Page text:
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Editorial

HT EDIT-Needless State meddling will harm higher education

March 27, 2019 06:21 AM

COURTESY HT MARCH 27

Needless State meddling will harm higher education
Choice of research topics should ideally be driven by motivation towards the subject
On March 13, the Central University of Kerala asked departments to create a list of topics for PHD research. This was being done to “discourage research in irrelevant areas” and bringing research “in accordance to national priorities”. The opposition used it to attack the Centre for trying to curb academic freedom. The university administration later said that national priority was meant to capture India’s economic, social and technological advancement. Even if it is taken at face value, and there are good reasons not to do so, there are deep problems with such thinking in a university. Who gets to decide whether a research topic is irrelevant? How relevant can research on aesthetics of ancient Tamil or medieval Bhakti poetry in Hindi be from a “national priority” viewpoint? Will a university risk being singled out for commissioning a PHD examining the collateral damage from demonetisation?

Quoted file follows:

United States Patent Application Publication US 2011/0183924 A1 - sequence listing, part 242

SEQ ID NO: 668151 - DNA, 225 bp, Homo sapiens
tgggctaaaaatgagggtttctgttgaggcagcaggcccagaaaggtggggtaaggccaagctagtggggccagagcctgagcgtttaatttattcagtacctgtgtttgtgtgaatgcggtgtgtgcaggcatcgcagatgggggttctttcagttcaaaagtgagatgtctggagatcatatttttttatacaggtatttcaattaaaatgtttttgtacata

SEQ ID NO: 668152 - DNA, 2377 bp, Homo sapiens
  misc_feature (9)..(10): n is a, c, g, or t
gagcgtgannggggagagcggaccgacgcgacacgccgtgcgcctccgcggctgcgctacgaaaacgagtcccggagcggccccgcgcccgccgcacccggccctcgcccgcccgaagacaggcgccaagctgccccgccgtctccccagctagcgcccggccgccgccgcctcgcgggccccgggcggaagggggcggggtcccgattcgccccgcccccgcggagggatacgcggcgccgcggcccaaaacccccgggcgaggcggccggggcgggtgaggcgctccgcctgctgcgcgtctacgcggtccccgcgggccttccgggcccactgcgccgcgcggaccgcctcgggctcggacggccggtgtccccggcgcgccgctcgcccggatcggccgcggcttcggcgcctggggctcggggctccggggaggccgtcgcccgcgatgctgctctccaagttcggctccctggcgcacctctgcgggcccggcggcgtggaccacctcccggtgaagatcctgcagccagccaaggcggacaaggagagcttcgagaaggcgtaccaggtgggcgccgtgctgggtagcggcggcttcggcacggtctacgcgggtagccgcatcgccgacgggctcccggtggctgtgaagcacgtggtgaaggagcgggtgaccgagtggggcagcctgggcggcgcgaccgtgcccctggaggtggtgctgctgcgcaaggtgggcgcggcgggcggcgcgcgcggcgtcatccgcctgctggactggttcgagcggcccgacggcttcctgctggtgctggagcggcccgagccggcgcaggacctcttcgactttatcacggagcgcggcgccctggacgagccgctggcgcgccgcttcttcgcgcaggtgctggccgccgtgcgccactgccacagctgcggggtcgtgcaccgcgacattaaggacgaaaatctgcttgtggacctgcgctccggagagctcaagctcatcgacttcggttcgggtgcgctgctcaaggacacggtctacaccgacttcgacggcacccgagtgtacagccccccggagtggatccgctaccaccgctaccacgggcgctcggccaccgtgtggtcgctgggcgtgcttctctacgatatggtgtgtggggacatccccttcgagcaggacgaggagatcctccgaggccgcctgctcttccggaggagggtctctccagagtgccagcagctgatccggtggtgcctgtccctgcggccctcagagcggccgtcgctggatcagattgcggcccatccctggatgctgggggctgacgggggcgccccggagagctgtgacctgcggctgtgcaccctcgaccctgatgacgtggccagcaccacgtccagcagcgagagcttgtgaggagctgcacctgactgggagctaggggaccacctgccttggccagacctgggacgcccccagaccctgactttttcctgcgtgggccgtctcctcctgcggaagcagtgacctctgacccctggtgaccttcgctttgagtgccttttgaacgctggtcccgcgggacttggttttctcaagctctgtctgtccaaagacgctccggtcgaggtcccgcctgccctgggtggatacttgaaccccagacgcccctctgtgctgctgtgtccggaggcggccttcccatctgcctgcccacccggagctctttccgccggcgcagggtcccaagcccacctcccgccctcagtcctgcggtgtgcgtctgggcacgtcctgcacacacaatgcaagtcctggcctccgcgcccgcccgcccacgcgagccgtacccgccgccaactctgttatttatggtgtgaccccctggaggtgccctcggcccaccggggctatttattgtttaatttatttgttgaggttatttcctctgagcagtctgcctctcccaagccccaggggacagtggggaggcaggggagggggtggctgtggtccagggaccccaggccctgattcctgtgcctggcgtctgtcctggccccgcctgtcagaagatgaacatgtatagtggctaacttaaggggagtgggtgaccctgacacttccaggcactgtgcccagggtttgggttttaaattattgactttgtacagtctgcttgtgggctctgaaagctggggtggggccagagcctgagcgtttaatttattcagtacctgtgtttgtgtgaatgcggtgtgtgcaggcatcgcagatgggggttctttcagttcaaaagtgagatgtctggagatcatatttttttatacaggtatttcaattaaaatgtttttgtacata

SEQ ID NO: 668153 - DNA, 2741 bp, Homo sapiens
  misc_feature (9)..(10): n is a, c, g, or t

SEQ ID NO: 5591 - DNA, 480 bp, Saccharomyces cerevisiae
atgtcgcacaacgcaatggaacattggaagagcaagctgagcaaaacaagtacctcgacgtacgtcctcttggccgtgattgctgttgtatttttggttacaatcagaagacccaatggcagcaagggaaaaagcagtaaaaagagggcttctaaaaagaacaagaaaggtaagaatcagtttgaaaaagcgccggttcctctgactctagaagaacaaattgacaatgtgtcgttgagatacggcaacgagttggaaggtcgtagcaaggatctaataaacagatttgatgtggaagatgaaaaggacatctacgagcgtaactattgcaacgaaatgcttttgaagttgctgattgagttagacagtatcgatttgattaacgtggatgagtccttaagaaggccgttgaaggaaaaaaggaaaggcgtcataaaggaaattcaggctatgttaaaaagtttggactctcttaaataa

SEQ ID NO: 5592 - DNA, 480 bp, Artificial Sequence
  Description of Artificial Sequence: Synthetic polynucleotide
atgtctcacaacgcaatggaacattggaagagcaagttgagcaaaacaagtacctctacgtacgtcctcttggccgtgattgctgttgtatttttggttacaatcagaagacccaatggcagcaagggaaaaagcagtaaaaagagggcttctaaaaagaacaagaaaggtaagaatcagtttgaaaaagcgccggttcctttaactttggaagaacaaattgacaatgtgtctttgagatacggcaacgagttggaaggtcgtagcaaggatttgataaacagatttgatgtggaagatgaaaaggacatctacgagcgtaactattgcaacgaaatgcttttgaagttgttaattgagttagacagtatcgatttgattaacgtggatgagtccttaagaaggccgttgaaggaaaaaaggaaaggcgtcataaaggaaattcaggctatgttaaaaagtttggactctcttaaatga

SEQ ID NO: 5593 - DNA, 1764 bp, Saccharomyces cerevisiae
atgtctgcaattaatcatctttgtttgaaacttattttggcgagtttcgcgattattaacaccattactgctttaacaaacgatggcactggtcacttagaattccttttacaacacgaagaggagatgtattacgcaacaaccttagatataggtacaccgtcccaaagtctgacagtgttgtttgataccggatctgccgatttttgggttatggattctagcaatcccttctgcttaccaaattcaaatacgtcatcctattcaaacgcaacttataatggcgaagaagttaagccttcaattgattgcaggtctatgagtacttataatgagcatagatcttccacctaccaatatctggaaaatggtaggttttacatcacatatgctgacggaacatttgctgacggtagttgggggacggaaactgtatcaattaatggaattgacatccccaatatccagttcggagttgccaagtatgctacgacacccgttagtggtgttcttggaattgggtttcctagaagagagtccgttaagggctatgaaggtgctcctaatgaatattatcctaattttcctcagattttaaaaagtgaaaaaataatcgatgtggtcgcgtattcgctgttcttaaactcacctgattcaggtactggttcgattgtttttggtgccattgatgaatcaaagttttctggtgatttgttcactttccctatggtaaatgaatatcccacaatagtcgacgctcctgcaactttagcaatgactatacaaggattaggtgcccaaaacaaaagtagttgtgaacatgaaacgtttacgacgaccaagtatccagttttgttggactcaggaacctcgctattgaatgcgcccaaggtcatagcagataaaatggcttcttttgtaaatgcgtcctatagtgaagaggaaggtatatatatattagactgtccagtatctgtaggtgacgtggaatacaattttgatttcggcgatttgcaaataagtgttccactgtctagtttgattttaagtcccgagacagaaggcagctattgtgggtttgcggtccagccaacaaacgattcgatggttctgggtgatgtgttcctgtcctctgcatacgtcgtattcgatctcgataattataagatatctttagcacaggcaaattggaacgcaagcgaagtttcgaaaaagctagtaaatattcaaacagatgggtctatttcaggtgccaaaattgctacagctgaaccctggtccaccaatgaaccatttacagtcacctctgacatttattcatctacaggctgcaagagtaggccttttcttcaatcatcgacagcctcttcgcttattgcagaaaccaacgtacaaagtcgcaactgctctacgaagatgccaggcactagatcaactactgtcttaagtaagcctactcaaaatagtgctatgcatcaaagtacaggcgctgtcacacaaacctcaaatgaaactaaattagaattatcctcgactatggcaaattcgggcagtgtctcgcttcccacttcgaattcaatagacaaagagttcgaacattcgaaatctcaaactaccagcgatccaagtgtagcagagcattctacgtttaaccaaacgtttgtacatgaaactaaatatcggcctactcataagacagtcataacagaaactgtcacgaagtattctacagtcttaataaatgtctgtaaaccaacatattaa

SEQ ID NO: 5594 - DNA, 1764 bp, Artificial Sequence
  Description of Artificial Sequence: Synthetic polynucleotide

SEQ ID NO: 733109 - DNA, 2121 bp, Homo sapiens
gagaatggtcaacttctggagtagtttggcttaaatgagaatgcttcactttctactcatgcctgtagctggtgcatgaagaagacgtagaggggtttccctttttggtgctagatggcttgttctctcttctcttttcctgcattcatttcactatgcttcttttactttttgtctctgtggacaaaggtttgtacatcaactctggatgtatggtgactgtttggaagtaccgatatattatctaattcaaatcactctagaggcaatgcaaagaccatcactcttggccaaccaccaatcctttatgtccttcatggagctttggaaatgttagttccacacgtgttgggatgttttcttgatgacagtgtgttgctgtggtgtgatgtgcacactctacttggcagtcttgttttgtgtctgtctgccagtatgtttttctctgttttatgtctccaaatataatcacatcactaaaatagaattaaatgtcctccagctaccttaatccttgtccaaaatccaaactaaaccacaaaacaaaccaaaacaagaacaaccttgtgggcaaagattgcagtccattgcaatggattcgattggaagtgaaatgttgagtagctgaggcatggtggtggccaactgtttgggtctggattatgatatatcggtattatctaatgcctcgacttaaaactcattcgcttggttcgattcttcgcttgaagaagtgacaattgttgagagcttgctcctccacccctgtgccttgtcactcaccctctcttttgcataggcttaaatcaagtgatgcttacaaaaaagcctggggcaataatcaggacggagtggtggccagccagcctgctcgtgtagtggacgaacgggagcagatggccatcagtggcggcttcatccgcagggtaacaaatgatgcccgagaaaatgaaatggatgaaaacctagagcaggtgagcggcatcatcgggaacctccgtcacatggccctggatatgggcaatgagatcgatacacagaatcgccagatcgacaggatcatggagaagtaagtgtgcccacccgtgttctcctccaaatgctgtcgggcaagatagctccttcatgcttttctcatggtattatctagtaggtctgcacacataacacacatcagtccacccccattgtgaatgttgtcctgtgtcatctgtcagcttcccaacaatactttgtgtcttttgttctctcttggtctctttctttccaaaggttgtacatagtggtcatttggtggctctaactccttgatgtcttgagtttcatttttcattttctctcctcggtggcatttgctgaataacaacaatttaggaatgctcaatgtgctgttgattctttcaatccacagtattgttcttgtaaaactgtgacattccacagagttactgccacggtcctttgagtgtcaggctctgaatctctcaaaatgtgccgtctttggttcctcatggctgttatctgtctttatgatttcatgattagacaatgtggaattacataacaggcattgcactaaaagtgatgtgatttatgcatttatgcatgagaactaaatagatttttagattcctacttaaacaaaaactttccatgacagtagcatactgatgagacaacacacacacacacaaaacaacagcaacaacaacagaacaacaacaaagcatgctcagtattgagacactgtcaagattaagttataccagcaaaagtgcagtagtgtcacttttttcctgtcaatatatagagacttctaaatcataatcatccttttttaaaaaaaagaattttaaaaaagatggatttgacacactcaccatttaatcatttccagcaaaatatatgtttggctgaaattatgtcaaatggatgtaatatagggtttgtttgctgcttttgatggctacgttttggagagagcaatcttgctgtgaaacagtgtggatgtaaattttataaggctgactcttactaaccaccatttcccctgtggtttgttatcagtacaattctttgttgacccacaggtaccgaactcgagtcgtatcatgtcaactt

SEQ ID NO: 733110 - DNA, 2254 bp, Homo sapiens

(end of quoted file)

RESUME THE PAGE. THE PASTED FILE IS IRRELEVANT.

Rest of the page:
Choice of research topics should ideally be driven by motivation towards the subject, its potential rewards and resource endowments to support the project. Each of these frontiers is expanding as advances in information sharing bring the world, including that of academics, closer to each other. This is not the first controversy vis-à-vis higher education under this government. That the human resource development ministry shares the worldview of the Rashtriya Swayamsevak Sangh (RSS) is a well known fact. The latter thinks India’s higher education sector has suffered from a prolonged institutional capture from leftliberals, which has prevented India from realising its potential. While the RSS and the Centre are entitled to hold such a view, their actions so far can only be compared to throwing the baby with the bath water.

In the name of promoting national interest, professional credentials have often been given a go by. It is possible that such behaviour has created perverse incentives for administrators to appear more Christian than the Pope by deciding PHD topics for students in larger national interest. Such acts will only worsen the crisis in India’s higher education.

 
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